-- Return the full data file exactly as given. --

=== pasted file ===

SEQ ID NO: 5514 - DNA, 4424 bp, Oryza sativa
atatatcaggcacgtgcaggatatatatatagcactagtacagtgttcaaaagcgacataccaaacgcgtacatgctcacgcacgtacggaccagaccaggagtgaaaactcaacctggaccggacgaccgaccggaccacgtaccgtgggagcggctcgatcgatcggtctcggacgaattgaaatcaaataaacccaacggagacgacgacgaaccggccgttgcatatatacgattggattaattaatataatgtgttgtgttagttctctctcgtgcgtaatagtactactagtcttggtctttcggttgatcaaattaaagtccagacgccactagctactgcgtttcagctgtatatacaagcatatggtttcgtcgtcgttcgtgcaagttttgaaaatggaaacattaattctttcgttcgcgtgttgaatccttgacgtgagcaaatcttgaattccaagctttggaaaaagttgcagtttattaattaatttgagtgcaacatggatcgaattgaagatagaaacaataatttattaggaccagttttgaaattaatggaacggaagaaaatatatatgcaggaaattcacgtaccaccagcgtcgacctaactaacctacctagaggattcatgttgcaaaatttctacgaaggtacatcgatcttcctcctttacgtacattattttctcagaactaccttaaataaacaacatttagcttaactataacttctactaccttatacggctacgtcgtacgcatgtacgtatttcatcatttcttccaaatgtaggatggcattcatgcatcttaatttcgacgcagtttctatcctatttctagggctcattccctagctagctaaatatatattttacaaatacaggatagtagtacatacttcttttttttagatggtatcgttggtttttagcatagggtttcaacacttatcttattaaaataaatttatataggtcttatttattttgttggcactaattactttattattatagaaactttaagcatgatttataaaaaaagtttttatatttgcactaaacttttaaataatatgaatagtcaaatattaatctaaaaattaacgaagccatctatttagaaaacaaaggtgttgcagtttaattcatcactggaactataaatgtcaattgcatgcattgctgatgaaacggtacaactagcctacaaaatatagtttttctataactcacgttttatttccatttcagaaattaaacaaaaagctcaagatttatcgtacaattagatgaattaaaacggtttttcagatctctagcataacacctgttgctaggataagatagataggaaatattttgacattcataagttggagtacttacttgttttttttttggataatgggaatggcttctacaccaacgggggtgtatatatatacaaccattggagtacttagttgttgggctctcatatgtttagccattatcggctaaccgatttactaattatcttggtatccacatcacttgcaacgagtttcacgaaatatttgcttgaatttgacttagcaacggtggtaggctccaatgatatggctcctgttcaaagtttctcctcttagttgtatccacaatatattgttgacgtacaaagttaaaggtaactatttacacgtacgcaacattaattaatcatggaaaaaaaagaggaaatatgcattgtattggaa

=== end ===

SEQ ID NO: 5514 - DNA, 4424 bp, Oryza sativa
atatatcaggcacgtgcaggatatatatatagcactagtacagtgttcaaaagcgacataccaaacgcgtacatgctcacgcacgtacggaccagaccaggagtgaaaactcaacctggaccggacgaccgaccggaccacgtaccgtgggagcggctcgatcgatcggtctcggacgaattgaaatcaaataaacccaacggagacgacgacgaaccggccgttgcatatatacgattggattaattaatataatgtgttgtgttagttctctctcgtgcgtaatagtactactagtcttggtctttcggttgatcaaattaaagtccagacgccactagctactgcgtttcagctgtatatacaagcatatggtttcgtcgtcgttcgtgcaagttttgaaaatggaaacattaattctttcgttcgcgtgttgaatccttgacgtgagcaaatcttgaattccaagctttggaaaaagttgcagtttattaattaatttgagtgcaacatggatcgaattgaagatagaaacaataatttattaggaccagttttgaaattaatggaacggaagaaaatatatatgcaggaaattcacgtaccaccagcgtcgacctaactaacctacctagaggattcatgttgcaaaatttctacgaaggtacatcgatcttcctcctttacgtacattattttctcagaactaccttaaataaacaacatttagcttaactataacttctactaccttatacggctacgtcgtacgcatgtacgtatttcatcatttcttccaaatgtaggatggcattcatgcatcttaatttcgacgcagtttctatcctatttctagggctcattccctagctagctaaatatatattttacaaatacaggatagtagtacatacttcttttttttagatggtatcgttggtttttagcatagggtttcaacacttatcttattaaaataaatttatataggtcttatttattttgttggcactaattactttattattatagaaactttaagcatgatttataaaaaaagtttttatatttgcactaaacttttaaataatatgaatagtcaaatattaatctaaaaattaacgaagccatctatttagaaaacaaaggtgttgcagtttaattcatcactggaactataaatgtcaattgcatgcattgctgatgaaacggtacaactagcctacaaaatatagtttttctataactcacgttttatttccatttcagaaattaaacaaaaagctcaagatttatcgtacaattagatgaattaaaacggtttttcagatctctagcataacacctgttgctaggataagatagataggaaatattttgacattcataagttggagtacttacttgttttttttttggataatgggaatggcttctacaccaacgggggtgtatatatatacaaccattggagtacttagttgttgggctctcatatgtttagccattatcggctaaccgatttactaattatcttggtatccacatcacttgcaacgagtttcacgaaatatttgcttgaatttgacttagcaacggtggtaggctccaatgatatggctcctgttcaaagtttctcctcttagttgtatccacaatatattgttgacgtacaaagttaaaggtaactatttacacgtacgcaacattaattaatcatggaaaaaaaagaggaaatatgcattgtattggaa